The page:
Levitating diamonds could be used as a form of data storage and transmission.
Researchers at the University of Rochester sprayed an aerosol containing dissolved nanodiamonds into a chamber with two lasers. The diamonds are naturally attracted to lasers (aren't we all?) and drifted into the laser's path. "It takes a couple of squirts and in a few minutes we have a trapped nanodiamond," states graduate student Levi Neukirch. "Other times I can be here for half an hour before any diamond gets caught. Once a diamond wanders into the trap we can hold it for hours." Once trapped, a second laser causes the nanodiamonds to emit light at given frequencies.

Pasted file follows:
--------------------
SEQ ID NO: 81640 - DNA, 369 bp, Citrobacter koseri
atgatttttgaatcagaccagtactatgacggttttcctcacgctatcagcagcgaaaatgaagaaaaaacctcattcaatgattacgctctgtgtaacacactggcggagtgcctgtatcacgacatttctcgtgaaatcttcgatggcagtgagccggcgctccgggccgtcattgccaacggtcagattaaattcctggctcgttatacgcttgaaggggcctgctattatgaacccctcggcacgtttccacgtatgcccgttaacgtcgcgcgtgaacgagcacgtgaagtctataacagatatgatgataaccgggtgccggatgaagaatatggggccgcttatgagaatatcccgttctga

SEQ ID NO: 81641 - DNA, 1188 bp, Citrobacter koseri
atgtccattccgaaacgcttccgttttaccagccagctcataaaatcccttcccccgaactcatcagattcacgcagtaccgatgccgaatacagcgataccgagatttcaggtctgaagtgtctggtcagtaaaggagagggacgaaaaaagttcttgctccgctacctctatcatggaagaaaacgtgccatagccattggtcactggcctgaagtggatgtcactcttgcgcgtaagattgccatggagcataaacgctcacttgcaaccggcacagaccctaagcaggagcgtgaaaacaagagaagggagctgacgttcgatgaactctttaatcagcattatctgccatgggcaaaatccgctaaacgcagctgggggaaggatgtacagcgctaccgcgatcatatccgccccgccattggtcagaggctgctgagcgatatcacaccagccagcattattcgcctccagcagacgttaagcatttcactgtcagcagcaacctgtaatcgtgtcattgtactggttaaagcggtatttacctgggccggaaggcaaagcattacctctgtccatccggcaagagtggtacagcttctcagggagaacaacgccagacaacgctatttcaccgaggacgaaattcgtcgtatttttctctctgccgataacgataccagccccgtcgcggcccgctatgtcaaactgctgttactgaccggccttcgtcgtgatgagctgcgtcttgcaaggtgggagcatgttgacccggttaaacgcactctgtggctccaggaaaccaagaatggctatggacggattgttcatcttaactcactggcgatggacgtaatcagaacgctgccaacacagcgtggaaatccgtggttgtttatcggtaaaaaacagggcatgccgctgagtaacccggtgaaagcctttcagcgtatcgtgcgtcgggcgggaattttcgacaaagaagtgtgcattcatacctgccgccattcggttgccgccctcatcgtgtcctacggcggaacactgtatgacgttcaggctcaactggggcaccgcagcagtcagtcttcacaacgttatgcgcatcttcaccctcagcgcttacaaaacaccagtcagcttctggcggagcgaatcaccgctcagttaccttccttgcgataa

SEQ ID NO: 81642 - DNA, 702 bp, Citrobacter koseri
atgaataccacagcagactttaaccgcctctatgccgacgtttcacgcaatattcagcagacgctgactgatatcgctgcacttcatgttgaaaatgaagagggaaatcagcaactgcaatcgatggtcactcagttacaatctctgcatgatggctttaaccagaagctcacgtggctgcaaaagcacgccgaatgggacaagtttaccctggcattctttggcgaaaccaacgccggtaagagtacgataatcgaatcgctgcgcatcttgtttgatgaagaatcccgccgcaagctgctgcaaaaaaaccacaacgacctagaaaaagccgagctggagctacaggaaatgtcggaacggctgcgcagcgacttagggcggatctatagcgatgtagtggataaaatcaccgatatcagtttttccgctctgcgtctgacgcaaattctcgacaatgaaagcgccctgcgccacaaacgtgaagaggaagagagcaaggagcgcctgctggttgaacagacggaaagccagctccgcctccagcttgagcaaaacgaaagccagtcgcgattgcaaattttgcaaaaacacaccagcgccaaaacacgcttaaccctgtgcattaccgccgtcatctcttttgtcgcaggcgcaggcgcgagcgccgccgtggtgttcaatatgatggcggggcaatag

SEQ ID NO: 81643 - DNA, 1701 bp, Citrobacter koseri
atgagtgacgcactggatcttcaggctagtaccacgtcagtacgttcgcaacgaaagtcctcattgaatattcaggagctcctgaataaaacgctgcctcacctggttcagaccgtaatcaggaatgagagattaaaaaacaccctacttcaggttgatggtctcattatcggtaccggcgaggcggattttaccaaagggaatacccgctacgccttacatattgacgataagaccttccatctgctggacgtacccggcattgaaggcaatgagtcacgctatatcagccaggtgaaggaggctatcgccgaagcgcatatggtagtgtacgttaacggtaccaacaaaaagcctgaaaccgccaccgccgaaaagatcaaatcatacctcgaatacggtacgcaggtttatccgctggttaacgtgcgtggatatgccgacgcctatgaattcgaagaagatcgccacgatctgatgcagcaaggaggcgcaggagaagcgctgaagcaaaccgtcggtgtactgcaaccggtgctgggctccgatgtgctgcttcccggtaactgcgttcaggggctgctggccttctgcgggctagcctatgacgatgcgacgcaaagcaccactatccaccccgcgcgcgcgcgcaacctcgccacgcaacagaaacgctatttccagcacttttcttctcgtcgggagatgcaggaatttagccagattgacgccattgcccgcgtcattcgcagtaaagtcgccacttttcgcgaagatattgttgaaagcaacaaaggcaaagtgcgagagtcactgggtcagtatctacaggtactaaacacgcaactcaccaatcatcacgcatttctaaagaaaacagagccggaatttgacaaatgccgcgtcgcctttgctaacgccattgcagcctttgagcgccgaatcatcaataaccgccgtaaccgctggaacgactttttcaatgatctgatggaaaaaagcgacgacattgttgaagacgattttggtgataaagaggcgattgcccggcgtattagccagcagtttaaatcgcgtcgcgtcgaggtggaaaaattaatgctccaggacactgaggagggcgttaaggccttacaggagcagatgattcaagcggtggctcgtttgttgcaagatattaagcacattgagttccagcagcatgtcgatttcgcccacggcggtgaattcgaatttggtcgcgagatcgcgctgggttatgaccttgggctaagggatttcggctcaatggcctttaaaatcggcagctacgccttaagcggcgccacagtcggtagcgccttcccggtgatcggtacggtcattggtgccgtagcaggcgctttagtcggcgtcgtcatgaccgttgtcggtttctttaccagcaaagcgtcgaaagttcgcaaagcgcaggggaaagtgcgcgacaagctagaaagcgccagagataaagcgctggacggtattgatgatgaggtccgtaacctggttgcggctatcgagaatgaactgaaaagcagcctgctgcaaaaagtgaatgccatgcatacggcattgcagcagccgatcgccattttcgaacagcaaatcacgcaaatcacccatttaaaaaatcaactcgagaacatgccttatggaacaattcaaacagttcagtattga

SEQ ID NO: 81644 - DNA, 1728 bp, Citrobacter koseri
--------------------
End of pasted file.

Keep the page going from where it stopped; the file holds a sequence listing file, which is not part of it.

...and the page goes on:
The technique could be employed in optomechanical resonators, systems in which vibrations are controlled by light. Nick Vamivakas, assistant professor of optics, states: "We are yet to explore this, but in theory we could encode information in the vibrations of the diamonds and extract it using the light they emit." The technique could also be used in quantum information and computing, or, to pull off the world's tiniest heist.